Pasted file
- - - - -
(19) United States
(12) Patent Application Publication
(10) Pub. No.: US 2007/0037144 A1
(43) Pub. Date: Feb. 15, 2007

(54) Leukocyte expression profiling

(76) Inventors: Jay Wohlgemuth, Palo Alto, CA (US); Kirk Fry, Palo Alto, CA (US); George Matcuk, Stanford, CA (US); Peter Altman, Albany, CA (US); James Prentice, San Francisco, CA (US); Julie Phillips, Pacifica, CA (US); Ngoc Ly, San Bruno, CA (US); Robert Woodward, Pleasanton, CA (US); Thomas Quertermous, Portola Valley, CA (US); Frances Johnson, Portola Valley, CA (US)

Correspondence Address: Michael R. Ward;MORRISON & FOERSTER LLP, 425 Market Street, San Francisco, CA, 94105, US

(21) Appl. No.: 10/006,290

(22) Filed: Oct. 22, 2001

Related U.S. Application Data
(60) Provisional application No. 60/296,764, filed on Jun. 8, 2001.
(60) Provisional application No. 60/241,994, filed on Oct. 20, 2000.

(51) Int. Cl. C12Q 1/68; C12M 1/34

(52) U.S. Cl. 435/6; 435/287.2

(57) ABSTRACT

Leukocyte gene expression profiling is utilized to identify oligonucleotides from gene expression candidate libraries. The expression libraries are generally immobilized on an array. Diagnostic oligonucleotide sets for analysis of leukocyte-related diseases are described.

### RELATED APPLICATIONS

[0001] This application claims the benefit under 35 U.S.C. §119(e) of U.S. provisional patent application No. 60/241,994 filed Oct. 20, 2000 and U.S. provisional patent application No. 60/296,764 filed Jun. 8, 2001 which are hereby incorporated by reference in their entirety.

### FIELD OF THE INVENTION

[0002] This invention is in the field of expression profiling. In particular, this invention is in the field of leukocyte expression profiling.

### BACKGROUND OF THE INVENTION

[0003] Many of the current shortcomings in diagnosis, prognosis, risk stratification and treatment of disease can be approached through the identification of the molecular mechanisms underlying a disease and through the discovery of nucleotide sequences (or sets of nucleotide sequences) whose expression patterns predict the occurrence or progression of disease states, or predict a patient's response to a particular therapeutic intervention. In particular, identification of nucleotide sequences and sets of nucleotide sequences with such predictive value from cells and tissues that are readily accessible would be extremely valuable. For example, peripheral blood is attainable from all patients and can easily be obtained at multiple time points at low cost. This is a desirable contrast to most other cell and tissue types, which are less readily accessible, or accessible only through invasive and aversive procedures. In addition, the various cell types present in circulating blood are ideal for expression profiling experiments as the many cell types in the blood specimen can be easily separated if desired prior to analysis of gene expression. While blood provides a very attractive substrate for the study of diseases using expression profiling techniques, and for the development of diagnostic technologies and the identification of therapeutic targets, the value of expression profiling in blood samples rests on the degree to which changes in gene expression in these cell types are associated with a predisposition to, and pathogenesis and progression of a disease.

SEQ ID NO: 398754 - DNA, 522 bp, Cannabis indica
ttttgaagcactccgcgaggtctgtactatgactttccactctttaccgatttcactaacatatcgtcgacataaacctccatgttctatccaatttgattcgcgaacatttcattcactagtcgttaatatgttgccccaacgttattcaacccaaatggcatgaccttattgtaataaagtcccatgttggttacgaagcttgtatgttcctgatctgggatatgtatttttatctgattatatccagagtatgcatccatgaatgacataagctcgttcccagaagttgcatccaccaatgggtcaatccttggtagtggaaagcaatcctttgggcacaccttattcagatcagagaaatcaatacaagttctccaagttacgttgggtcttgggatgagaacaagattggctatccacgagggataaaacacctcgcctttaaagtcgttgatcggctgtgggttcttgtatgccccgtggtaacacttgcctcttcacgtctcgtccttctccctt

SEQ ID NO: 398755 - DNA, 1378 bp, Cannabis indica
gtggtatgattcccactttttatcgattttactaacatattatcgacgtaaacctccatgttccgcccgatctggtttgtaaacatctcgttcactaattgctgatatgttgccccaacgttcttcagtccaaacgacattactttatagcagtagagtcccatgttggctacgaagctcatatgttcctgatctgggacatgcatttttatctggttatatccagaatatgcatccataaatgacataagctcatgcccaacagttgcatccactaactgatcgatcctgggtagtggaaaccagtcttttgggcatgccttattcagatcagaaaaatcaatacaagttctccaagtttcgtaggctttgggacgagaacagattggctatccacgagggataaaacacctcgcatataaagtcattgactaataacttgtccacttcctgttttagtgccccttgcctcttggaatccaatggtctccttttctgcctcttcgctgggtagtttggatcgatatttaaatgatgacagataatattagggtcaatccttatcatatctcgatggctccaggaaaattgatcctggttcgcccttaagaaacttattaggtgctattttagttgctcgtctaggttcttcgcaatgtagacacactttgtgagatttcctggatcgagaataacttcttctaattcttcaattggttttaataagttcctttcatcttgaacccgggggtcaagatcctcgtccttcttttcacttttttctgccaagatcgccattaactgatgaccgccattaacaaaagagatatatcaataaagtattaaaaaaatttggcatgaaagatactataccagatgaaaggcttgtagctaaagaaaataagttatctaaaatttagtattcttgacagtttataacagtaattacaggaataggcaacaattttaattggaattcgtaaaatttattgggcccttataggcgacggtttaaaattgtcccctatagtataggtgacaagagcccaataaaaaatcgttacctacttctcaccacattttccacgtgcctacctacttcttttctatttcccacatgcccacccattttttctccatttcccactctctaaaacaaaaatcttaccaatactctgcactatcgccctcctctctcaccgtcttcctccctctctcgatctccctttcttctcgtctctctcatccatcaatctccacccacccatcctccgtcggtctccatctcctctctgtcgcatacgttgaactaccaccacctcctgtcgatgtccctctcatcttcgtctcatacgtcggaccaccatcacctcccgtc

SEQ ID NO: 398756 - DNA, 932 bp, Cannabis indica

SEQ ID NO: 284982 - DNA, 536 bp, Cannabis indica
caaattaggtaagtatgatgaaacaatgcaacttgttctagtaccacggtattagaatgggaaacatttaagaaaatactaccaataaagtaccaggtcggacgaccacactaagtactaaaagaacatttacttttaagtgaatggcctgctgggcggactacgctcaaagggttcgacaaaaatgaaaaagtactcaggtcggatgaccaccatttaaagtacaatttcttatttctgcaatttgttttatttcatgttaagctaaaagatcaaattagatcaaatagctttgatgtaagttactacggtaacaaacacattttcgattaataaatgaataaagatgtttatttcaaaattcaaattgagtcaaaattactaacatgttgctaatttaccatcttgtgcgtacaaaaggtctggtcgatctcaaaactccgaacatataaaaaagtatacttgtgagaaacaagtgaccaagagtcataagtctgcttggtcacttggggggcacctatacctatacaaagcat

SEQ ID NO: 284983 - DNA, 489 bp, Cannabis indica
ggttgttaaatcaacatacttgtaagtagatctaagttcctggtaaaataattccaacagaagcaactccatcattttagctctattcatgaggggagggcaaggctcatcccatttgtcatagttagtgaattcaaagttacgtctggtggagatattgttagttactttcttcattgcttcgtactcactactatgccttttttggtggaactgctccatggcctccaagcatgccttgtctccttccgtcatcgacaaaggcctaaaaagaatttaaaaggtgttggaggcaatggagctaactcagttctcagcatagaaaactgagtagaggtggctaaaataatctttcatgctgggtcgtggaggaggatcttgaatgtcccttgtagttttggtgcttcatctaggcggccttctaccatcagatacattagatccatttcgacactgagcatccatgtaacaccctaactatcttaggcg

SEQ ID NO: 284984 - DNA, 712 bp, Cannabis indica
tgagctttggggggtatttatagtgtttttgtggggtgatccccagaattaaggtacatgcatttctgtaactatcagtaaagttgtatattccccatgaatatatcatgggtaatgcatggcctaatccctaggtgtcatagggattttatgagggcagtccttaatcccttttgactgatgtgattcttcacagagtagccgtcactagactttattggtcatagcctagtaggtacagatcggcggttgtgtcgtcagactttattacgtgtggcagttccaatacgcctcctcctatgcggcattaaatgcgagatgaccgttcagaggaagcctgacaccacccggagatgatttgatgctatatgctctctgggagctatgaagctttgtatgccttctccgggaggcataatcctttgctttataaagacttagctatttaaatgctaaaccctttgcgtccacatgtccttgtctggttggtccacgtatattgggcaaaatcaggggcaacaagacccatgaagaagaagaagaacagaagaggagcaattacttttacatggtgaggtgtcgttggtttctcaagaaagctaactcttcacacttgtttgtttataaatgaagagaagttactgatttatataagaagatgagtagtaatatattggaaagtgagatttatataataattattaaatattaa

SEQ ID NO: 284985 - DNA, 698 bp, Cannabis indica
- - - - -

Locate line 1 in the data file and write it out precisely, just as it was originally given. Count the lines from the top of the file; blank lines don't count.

(19) United States